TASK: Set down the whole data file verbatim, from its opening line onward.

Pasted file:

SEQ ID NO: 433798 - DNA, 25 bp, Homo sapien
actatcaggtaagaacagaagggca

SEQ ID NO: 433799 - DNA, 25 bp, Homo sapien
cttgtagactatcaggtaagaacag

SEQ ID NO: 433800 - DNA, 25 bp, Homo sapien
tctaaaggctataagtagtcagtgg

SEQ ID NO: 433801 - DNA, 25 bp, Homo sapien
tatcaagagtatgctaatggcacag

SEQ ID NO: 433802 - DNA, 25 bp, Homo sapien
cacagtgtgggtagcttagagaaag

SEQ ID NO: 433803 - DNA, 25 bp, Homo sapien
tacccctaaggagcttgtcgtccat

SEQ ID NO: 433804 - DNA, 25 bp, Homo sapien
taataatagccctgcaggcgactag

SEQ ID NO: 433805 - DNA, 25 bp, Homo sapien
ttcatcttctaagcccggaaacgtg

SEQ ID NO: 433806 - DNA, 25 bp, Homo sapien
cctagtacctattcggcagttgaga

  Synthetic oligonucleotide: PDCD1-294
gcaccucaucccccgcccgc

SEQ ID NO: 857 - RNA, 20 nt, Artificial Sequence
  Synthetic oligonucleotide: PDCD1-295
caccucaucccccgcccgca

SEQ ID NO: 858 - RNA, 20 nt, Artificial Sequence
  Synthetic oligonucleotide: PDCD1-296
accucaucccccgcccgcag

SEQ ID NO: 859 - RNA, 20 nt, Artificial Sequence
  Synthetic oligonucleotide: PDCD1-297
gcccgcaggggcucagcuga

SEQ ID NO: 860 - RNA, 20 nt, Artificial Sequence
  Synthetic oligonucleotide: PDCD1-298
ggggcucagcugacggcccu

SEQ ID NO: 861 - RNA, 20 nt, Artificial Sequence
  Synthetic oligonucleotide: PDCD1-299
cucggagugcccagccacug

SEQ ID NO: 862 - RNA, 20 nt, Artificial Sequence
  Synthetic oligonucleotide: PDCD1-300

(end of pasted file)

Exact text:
SEQ ID NO: 433798 - DNA, 25 bp, Homo sapien
actatcaggtaagaacagaagggca

SEQ ID NO: 433799 - DNA, 25 bp, Homo sapien
cttgtagactatcaggtaagaacag

SEQ ID NO: 433800 - DNA, 25 bp, Homo sapien
tctaaaggctataagtagtcagtgg

SEQ ID NO: 433801 - DNA, 25 bp, Homo sapien
tatcaagagtatgctaatggcacag

SEQ ID NO: 433802 - DNA, 25 bp, Homo sapien
cacagtgtgggtagcttagagaaag

SEQ ID NO: 433803 - DNA, 25 bp, Homo sapien
tacccctaaggagcttgtcgtccat

SEQ ID NO: 433804 - DNA, 25 bp, Homo sapien
taataatagccctgcaggcgactag

SEQ ID NO: 433805 - DNA, 25 bp, Homo sapien
ttcatcttctaagcccggaaacgtg

SEQ ID NO: 433806 - DNA, 25 bp, Homo sapien
cctagtacctattcggcagttgaga

  Synthetic oligonucleotide: PDCD1-294
gcaccucaucccccgcccgc

SEQ ID NO: 857 - RNA, 20 nt, Artificial Sequence
  Synthetic oligonucleotide: PDCD1-295
caccucaucccccgcccgca

SEQ ID NO: 858 - RNA, 20 nt, Artificial Sequence
  Synthetic oligonucleotide: PDCD1-296
accucaucccccgcccgcag

SEQ ID NO: 859 - RNA, 20 nt, Artificial Sequence
  Synthetic oligonucleotide: PDCD1-297
gcccgcaggggcucagcuga

SEQ ID NO: 860 - RNA, 20 nt, Artificial Sequence
  Synthetic oligonucleotide: PDCD1-298
ggggcucagcugacggcccu

SEQ ID NO: 861 - RNA, 20 nt, Artificial Sequence
  Synthetic oligonucleotide: PDCD1-299
cucggagugcccagccacug

SEQ ID NO: 862 - RNA, 20 nt, Artificial Sequence
  Synthetic oligonucleotide: PDCD1-300